Acupuncture / Acupressure



Legislative Risks

Acupuncture / Acupressure approaches to natural healthcare are in the process of being affected by the following EU law. Important: If you use herbs such as TCM in your practice, please see 'Herbalism' page also, and visit our EU herb law challenge webpage.

Click on the links below to read about how this legislation may affect you: 

Medical Devices Directive
European Commission summary
    ANH summary

UK Acupuncture Practitioners and Herbalists: The issue of statutory regulation

Now that the UK government has announced that Statutory Regulation (SR) for UK herbalists will go ahead, many have breathed a sigh of relief about the future of herbal medicine, their ability to access herbal products and to continue practising. But we believe that there should be no complacency about any of this. See our news item: Yes, minister? Or not? Contradictions in UK government policy on herbalist statutory regulation.

The UK Medicines Act 1968, Section 12(2) has now been superseded by EU law. Section 12(1) is also under threat. SR has been seen by many herbalists as the only hope for maintaining supply of herbal products. Chinese medicine, and Ayurvedic sectors rely particularly on traditional formulations made by third-party supply. There are some herbalists, however, who are particularly unhappy about the idea of SR. 

Interested parties had (in 2009) called on as many practitioners—and their patients and supporters —as possible to respond to the UK Department of Health (DoH) “joint consultation on the Report to Ministers from the DH Steering Group on the Statutory Regulation of Practitioners of Acupuncture, Herbal Medicine, Traditional Chinese Medicine and Other Traditional Medicine Systems Practised in the UK”. Herbalists and practitoners, and their supporters made their views known to their Members of Parliament (MPs)—this was seen by some as a last chance café for national democracy, before it’s all swept away in the wake of the Lisbon Treaty which will see all public health matters—throughout Europe—managed centrally in Brussels.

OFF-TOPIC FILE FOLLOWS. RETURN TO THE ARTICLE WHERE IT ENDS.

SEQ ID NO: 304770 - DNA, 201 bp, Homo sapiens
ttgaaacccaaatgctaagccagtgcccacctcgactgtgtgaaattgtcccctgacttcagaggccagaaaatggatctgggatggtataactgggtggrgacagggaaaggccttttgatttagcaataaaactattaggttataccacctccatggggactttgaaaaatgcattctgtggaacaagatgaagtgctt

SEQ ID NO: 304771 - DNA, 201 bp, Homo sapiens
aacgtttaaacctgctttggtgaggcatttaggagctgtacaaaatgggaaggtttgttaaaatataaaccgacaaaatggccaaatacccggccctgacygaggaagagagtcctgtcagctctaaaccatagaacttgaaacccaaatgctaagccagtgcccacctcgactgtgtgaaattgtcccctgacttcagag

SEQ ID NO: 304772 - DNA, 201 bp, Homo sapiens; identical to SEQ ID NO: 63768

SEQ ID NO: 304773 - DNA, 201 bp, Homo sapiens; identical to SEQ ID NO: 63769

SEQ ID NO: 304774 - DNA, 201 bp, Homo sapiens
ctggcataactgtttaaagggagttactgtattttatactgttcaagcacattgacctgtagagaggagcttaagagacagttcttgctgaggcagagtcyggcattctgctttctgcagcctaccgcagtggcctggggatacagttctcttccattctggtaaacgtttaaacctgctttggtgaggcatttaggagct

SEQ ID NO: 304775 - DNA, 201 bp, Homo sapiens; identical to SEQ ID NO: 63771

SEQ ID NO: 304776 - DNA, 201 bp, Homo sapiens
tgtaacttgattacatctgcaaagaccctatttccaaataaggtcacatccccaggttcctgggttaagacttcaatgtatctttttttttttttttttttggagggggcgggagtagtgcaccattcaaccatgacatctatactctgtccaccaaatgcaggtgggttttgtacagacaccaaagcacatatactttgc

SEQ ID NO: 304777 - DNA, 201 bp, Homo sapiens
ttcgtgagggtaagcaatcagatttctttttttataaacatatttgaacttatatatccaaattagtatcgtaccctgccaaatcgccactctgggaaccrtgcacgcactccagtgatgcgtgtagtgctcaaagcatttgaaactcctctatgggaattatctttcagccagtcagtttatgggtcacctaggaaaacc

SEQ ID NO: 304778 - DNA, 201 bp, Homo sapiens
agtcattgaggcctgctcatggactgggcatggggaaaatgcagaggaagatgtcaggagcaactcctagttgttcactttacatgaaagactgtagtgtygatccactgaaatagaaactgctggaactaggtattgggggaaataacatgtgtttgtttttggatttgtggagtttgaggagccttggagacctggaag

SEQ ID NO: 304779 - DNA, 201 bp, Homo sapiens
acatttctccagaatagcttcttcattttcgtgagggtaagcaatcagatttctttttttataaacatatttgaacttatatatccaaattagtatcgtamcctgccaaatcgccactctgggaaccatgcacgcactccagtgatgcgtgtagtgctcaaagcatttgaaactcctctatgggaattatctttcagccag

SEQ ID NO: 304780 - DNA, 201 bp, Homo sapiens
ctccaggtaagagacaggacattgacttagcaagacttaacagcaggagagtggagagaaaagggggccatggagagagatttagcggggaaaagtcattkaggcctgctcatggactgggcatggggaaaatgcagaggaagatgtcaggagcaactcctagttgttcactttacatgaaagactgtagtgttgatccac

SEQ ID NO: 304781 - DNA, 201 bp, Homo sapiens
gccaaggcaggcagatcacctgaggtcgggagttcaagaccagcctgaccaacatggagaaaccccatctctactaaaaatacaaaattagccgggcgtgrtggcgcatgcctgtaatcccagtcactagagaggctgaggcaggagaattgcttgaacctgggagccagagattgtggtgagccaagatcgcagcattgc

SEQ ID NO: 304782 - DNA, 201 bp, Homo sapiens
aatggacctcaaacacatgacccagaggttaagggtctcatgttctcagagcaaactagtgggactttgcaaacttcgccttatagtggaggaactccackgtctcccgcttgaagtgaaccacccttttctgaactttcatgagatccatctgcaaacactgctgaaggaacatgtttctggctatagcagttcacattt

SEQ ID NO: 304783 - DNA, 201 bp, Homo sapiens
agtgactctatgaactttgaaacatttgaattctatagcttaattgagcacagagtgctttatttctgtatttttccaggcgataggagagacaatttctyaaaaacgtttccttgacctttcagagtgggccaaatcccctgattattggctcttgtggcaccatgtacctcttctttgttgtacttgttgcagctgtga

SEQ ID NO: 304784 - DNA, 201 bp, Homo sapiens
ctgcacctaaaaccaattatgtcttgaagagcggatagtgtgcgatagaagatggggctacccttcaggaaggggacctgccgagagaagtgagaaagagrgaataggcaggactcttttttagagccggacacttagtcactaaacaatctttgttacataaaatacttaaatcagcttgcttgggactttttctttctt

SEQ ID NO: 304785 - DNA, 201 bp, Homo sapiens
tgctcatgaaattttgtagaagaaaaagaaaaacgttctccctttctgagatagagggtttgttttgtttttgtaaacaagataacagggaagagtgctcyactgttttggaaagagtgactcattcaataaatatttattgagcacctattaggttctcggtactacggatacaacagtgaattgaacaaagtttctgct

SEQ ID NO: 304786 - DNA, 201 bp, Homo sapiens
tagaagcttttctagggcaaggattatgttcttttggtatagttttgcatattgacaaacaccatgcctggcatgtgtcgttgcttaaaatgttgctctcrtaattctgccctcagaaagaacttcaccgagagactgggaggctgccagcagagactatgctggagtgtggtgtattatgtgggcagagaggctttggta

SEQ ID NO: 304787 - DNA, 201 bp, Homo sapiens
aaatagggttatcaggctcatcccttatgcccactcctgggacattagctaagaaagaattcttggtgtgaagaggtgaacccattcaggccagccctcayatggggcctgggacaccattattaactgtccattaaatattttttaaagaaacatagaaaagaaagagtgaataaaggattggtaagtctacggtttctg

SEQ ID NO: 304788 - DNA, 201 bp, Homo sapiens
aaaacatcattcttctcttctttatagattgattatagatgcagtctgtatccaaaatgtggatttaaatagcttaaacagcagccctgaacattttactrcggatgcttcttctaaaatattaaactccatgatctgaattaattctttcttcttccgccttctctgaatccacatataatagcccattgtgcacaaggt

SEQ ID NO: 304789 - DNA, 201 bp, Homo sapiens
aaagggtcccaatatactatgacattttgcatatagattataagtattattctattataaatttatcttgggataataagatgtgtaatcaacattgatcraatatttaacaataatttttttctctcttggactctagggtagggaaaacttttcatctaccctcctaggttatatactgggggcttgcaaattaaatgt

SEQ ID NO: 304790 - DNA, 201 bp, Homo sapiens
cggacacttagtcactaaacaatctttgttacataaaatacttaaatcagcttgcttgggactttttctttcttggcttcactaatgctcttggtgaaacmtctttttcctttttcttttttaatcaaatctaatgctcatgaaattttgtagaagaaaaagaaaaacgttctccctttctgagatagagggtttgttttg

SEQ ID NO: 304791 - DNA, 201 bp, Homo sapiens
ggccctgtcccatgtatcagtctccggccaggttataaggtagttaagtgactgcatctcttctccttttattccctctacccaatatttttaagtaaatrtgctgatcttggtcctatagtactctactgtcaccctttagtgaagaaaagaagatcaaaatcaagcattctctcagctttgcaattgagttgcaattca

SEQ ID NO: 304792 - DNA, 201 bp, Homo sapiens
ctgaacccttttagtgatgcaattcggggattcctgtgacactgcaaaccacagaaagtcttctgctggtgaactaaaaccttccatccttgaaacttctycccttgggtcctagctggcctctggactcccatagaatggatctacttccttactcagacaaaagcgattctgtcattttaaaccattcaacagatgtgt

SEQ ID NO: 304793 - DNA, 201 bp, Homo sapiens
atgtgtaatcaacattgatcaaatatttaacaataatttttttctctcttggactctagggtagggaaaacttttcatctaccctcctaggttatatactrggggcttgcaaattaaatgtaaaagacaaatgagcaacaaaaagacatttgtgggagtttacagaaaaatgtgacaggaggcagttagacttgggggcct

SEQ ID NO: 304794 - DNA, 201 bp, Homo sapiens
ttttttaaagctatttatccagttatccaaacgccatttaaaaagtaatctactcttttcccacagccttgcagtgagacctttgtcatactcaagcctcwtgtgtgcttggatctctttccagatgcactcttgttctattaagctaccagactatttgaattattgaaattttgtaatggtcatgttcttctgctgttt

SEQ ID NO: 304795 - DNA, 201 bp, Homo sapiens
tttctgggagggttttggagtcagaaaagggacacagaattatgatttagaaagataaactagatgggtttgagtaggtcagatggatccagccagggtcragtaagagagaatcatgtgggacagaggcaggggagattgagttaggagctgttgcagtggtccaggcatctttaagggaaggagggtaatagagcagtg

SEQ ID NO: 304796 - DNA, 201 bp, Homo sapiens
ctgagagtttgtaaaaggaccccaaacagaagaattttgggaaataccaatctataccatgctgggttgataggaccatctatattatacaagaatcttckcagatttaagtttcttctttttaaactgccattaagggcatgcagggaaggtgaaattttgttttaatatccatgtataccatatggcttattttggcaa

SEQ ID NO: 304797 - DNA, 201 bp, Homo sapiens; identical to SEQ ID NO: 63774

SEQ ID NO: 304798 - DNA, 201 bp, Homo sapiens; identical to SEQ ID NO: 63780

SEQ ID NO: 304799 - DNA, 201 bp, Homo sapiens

1st December 2009: Prince Charles urges the UK Government to regulate herbal medicine. 

19th March 2010: NIMH Press Release 'Andy Burnham, Secretary of State for Health, urged by NIMH not to make the wrong decision on statutory regulation of herbal medicine'

UK Health Secretary 'minded to legislate' for regulation of Herbalists. Read Times Online article

Scientific Risks

This section is under construction.    

Media Risks

In January 2006, the BBC series 'Alternative Medicine' broadcast its first episode which included a sequence in which acupuncture was used instead of a general anaesthetic during open heart surgery in China. We understand that good reviews and high profile news stories ensued, but by the 14th February an article had appeared in the Telegraph, questioning what really took place. Then on the 25th March 2006  the Guardian published an article by the same reporter, announcing that the 'scientists who worked on it [the program] say it was flawed and hyped'.

Yet the Guardian article also informs us that some of the scientists involved in the series appeared to be of a different opinion. Professor George Lewith, we understand, later criticised the way the experiment was presented, but actually described the results in the programme as 'quite special', and 'something unique to acupuncture'. We are told that a spokesman for Dr Jack Tinker, one of the scientific consultants for the series, said that the doctor 'remained happy with the tone and content of the films'. The spokesman apparently also stated that 'fellow medics at the Royal Society, including one eminent professor, said it was the best medical series they had seen on television'. 

It is interesting to learn that [the Guardian article states that the BBC claimed this] Professor Edzard Ernst, the other scientific consultant for the series, had signed off the program script, and apparently failed to declare his reservations until 'so long after' the series was aired!

So why, we ask ourselves, would these particular scientists apparently change their minds about all this after the series was aired? 

Various complaints about the series were made to the BBC, which we believe were rejected. Eventually, we understand, the reporter Simon Singh appealed to the BBC Board of Trustees, and in April 2007, two of his various complaints about the series were upheld. One of these specifically related to the episode featuring the acupuncture.

Various articles then appeared announcing this development. See 'BBC admits some bad science reporting (at last)'. 

(Note: within the response to the upheld complaint about the open heart surgery being misleading due to the impression being given that 'the acupuncture was used instead of a general anaesthetic', the BBC Trustees did state that the surgery had been 'reviewed by an anaesthetist who believed it was a ''superb insight'' of a ''specific clinical situation'' using ''minimal doses of sedative and local drugs, supplemented by the psychological effect of acupuncture'' '.)      






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